3. 3.
    Funk R. Coupling of pulsed electromagnetic fields (PEMF) therapy to molecular grounds of the cell. Am J Transl Res. 2018;10(5):1260-1272.
  4. 4.
    Pooam M, Jourdan N, El E, Sherrard R, Ahmad M. HEK293 cell response to static magnetic fields via the radical pair mechanism may explain therapeutic effects of pulsed electromagnetic fields. PLoS One. 2020;15(12):e0243038. doi:10.1371/journal.pone.0243038
  5. 5.
    van Belkum SM, Bosker FJ, Kortekaas R, Beersma DGM, Schoevers RA. Treatment of depression with low-strength transcranial pulsed electromagnetic fields: A mechanistic point of view. Progress in Neuro-Psychopharmacology and Biological Psychiatry. Published online November 2016:137-143. doi:10.1016/j.pnpbp.2016.07.006
  6. 6.
    Peng L, Fu C, Wang L, et al. The Effect of Pulsed Electromagnetic Fields on Angiogenesis. Bioelectromagnetics. 2021;42(3):250-258. doi:10.1002/bem.22330
  7. 7.
    Dubin M, Ilieva I, Deng Z, et al. A double-blind pilot dosing study of low field magnetic stimulation (LFMS) for treatment-resistant depression (TRD). J Affect Disord. 2019;249:286-293. doi:10.1016/j.jad.2019.02.039
  8. 8.
    Mutz J, Vipulananthan V, Carter B, Hurlemann R, Fu C, Young A. Comparative efficacy and acceptability of non-surgical brain stimulation for the acute treatment of major depressive episodes in adults: systematic review and network meta-analysis. BMJ. 2019;364:l1079. doi:10.1136/bmj.l1079
  9. 9.
    Hattapoğlu E, Batmaz İ, Dilek B, Karakoç M, Em S, Çevik R. Efficiency of pulsed electromagnetic fields on pain, disability, anxiety, depression, and quality of life in patients with cervical disc herniation: a randomized controlled study. Turk J Med Sci. 2019;49(4):1095-1101. doi:10.3906/sag-1901-65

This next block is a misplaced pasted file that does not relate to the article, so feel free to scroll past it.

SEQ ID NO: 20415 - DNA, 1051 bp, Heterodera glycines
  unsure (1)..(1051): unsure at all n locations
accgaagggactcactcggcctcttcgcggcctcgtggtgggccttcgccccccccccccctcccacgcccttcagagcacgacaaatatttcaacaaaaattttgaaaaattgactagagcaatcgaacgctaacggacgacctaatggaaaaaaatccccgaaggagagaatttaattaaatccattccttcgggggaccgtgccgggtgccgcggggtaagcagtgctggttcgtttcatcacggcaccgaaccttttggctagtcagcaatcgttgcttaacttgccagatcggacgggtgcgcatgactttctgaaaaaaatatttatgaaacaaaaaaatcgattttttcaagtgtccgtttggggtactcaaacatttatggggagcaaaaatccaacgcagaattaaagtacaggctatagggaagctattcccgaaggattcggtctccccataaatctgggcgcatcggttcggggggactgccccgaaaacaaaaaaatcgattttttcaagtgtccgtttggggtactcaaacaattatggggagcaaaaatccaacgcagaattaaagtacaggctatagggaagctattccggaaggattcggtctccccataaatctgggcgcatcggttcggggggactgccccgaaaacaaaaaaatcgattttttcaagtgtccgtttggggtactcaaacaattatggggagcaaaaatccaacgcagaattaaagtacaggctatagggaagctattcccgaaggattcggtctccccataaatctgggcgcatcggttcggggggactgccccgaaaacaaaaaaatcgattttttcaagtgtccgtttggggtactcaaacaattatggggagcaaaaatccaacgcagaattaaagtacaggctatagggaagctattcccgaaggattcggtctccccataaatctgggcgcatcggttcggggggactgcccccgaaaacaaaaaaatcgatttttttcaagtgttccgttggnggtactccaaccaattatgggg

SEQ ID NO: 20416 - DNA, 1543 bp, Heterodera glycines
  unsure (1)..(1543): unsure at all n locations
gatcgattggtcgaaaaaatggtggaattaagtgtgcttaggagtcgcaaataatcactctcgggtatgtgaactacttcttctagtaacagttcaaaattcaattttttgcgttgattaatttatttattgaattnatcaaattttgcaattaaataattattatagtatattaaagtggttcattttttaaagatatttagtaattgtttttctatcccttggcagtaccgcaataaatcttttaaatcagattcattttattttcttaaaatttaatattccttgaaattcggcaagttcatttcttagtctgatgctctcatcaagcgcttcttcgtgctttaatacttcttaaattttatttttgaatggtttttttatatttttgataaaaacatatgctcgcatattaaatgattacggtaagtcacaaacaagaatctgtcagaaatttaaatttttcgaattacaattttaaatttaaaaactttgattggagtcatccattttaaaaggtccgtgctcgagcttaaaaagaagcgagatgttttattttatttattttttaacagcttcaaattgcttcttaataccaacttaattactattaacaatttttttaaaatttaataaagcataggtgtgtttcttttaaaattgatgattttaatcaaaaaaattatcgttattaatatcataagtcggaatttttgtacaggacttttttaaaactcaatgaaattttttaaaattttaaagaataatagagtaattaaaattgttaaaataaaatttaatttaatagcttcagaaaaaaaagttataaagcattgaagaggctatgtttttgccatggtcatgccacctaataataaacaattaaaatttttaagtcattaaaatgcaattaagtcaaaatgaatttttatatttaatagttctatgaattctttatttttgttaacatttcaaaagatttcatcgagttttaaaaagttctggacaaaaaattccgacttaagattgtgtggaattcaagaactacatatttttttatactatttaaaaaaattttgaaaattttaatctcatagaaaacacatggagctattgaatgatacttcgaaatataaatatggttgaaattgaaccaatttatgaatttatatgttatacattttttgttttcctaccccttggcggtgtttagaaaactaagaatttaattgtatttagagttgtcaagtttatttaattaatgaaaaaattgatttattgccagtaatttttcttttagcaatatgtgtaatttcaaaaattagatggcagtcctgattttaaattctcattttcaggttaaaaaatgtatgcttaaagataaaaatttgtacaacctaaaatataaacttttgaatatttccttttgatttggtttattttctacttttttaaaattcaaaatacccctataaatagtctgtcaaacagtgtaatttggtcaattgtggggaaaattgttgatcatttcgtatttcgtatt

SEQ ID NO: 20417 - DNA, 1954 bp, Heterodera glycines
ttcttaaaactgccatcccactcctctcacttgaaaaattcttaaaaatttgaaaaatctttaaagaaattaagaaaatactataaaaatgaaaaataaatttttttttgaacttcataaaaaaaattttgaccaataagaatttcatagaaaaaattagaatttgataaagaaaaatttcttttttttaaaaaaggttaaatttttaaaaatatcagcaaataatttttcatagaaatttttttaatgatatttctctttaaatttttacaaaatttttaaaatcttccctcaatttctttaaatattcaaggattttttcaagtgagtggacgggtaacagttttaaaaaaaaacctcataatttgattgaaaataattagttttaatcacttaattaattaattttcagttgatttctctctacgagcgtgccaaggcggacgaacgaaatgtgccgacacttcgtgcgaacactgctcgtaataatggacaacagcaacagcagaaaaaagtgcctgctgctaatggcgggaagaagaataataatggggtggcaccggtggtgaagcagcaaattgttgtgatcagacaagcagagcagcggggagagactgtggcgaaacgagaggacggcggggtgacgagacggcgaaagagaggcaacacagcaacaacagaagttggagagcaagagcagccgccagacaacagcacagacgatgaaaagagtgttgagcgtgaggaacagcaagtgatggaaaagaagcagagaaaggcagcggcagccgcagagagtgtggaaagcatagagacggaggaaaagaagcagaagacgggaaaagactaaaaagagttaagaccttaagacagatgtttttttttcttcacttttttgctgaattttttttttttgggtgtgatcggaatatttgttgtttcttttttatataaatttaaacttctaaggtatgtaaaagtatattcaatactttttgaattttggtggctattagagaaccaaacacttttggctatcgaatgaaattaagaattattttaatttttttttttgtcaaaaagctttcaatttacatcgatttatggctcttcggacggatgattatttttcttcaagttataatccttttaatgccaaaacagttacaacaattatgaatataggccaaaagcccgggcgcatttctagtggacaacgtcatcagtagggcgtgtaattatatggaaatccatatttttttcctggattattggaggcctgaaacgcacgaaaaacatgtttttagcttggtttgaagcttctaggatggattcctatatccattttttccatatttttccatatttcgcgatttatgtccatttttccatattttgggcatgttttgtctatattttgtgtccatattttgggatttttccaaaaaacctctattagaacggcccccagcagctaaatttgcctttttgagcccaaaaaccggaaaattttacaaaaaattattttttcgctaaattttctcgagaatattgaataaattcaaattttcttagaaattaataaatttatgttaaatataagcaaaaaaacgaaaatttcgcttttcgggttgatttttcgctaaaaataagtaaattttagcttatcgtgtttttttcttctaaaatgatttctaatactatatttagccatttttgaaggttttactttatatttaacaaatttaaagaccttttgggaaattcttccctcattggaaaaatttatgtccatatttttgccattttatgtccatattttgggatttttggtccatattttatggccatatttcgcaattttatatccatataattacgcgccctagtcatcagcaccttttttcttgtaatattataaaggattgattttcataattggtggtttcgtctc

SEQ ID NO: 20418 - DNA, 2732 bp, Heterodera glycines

10. 10.
    Amirifalah Z, Firoozabadi S, Shafiei S. Local exposure of brain central areas to a pulsed ELF magnetic field for a purposeful change in EEG. Clin EEG Neurosci. 2013;44(1):44-52. doi:10.1177/1550059412460164
  11. 11.
    Baker-Price L, Persinger M. Weak, but complex pulsed magnetic fields may reduce depression following traumatic brain injury. Percept Mot Skills. 1996;83(2):491-498. doi:10.2466/pms.1996.83.2.491
  12. 12.
    Tran M, Skovbjerg S, Arendt-Nielsen L, Bech P, Lunde M, Elberling J. Two of three patients with multiple chemical sensitivity had less symptoms and secondary hyperalgesia after transcranially applied pulsed electromagnetic fields. Scand J Pain. 2014;5(2):104-109. doi:10.1016/j.sjpain.2013.11.008
  13. 13.
    Nayback-Beebe A, Yoder L, Goff B, Arzola S, Weidlich C. The effect of pulsed electromagnetic frequency therapy on health-related quality of life in military service members with chronic low back pain. Nurs Outlook. 2017;65(5S):S26-S33. doi:10.1016/j.outlook.2017.07.012
  14. 14.
    Bech P, Lindberg L, Straasø B, Larsen E. A 2-year follow-up study of patients participating in our transcranial pulsating electromagnetic fields augmentation in treatment-resistant depression. Acta Neuropsychiatr. 2015;27(2):119-125. doi:10.1017/neu.2014.44
  15. 15.
    Thomas A, Drost D, Prato F. Human subjects exposed to a specific pulsed (200 microT) magnetic field: effects on normal standing balance. Neurosci Lett. 2001;297(2):121-124. doi:10.1016/s0304-3940(00)01688-8